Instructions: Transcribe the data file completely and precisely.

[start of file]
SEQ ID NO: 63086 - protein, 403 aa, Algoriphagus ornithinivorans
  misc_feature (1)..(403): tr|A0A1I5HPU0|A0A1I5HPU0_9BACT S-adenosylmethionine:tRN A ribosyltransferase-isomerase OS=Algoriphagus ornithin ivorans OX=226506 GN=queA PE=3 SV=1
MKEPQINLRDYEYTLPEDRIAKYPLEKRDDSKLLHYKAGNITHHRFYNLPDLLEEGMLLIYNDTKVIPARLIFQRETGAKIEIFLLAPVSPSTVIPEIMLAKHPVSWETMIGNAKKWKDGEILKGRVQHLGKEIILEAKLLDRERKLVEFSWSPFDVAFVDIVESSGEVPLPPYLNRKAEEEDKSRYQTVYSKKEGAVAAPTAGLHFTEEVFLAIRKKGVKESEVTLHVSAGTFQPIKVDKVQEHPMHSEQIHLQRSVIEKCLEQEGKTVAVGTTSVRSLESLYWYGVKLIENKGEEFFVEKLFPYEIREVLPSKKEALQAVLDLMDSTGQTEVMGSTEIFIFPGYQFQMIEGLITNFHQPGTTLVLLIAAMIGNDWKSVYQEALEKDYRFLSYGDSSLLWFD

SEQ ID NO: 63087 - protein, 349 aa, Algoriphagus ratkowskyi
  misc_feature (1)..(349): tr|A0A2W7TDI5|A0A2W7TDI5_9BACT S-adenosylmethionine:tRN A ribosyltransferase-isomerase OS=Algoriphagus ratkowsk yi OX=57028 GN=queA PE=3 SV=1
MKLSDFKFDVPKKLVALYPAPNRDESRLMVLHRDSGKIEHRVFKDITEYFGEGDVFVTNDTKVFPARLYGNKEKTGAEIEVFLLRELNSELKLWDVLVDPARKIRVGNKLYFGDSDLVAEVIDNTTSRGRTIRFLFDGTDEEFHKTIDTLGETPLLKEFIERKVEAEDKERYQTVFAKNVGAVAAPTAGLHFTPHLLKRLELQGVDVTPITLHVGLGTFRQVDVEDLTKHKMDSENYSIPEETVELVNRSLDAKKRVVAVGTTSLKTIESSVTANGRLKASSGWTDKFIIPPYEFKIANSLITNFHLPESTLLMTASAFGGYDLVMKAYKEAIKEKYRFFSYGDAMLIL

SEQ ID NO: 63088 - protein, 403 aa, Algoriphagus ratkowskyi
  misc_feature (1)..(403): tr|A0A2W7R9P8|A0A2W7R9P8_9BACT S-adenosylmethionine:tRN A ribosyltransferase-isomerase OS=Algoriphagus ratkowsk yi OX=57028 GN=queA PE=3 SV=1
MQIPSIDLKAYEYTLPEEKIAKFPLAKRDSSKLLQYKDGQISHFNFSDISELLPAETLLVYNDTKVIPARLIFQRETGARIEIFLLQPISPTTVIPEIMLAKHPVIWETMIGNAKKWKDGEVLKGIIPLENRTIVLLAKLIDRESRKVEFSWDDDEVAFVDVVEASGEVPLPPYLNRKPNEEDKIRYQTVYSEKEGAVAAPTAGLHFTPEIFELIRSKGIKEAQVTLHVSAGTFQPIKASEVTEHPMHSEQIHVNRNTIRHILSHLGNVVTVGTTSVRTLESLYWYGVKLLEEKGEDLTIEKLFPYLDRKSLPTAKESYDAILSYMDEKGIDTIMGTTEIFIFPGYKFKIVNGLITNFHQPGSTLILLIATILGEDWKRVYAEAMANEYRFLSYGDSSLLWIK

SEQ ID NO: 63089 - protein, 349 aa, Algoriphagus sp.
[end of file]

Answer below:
SEQ ID NO: 63086 - protein, 403 aa, Algoriphagus ornithinivorans
  misc_feature (1)..(403): tr|A0A1I5HPU0|A0A1I5HPU0_9BACT S-adenosylmethionine:tRN A ribosyltransferase-isomerase OS=Algoriphagus ornithin ivorans OX=226506 GN=queA PE=3 SV=1
MKEPQINLRDYEYTLPEDRIAKYPLEKRDDSKLLHYKAGNITHHRFYNLPDLLEEGMLLIYNDTKVIPARLIFQRETGAKIEIFLLAPVSPSTVIPEIMLAKHPVSWETMIGNAKKWKDGEILKGRVQHLGKEIILEAKLLDRERKLVEFSWSPFDVAFVDIVESSGEVPLPPYLNRKAEEEDKSRYQTVYSKKEGAVAAPTAGLHFTEEVFLAIRKKGVKESEVTLHVSAGTFQPIKVDKVQEHPMHSEQIHLQRSVIEKCLEQEGKTVAVGTTSVRSLESLYWYGVKLIENKGEEFFVEKLFPYEIREVLPSKKEALQAVLDLMDSTGQTEVMGSTEIFIFPGYQFQMIEGLITNFHQPGTTLVLLIAAMIGNDWKSVYQEALEKDYRFLSYGDSSLLWFD

SEQ ID NO: 63087 - protein, 349 aa, Algoriphagus ratkowskyi
  misc_feature (1)..(349): tr|A0A2W7TDI5|A0A2W7TDI5_9BACT S-adenosylmethionine:tRN A ribosyltransferase-isomerase OS=Algoriphagus ratkowsk yi OX=57028 GN=queA PE=3 SV=1
MKLSDFKFDVPKKLVALYPAPNRDESRLMVLHRDSGKIEHRVFKDITEYFGEGDVFVTNDTKVFPARLYGNKEKTGAEIEVFLLRELNSELKLWDVLVDPARKIRVGNKLYFGDSDLVAEVIDNTTSRGRTIRFLFDGTDEEFHKTIDTLGETPLLKEFIERKVEAEDKERYQTVFAKNVGAVAAPTAGLHFTPHLLKRLELQGVDVTPITLHVGLGTFRQVDVEDLTKHKMDSENYSIPEETVELVNRSLDAKKRVVAVGTTSLKTIESSVTANGRLKASSGWTDKFIIPPYEFKIANSLITNFHLPESTLLMTASAFGGYDLVMKAYKEAIKEKYRFFSYGDAMLIL

SEQ ID NO: 63088 - protein, 403 aa, Algoriphagus ratkowskyi
  misc_feature (1)..(403): tr|A0A2W7R9P8|A0A2W7R9P8_9BACT S-adenosylmethionine:tRN A ribosyltransferase-isomerase OS=Algoriphagus ratkowsk yi OX=57028 GN=queA PE=3 SV=1
MQIPSIDLKAYEYTLPEEKIAKFPLAKRDSSKLLQYKDGQISHFNFSDISELLPAETLLVYNDTKVIPARLIFQRETGARIEIFLLQPISPTTVIPEIMLAKHPVIWETMIGNAKKWKDGEVLKGIIPLENRTIVLLAKLIDRESRKVEFSWDDDEVAFVDVVEASGEVPLPPYLNRKPNEEDKIRYQTVYSEKEGAVAAPTAGLHFTPEIFELIRSKGIKEAQVTLHVSAGTFQPIKASEVTEHPMHSEQIHVNRNTIRHILSHLGNVVTVGTTSVRTLESLYWYGVKLLEEKGEDLTIEKLFPYLDRKSLPTAKESYDAILSYMDEKGIDTIMGTTEIFIFPGYKFKIVNGLITNFHQPGSTLILLIATILGEDWKRVYAEAMANEYRFLSYGDSSLLWIK

SEQ ID NO: 63089 - protein, 349 aa, Algoriphagus sp.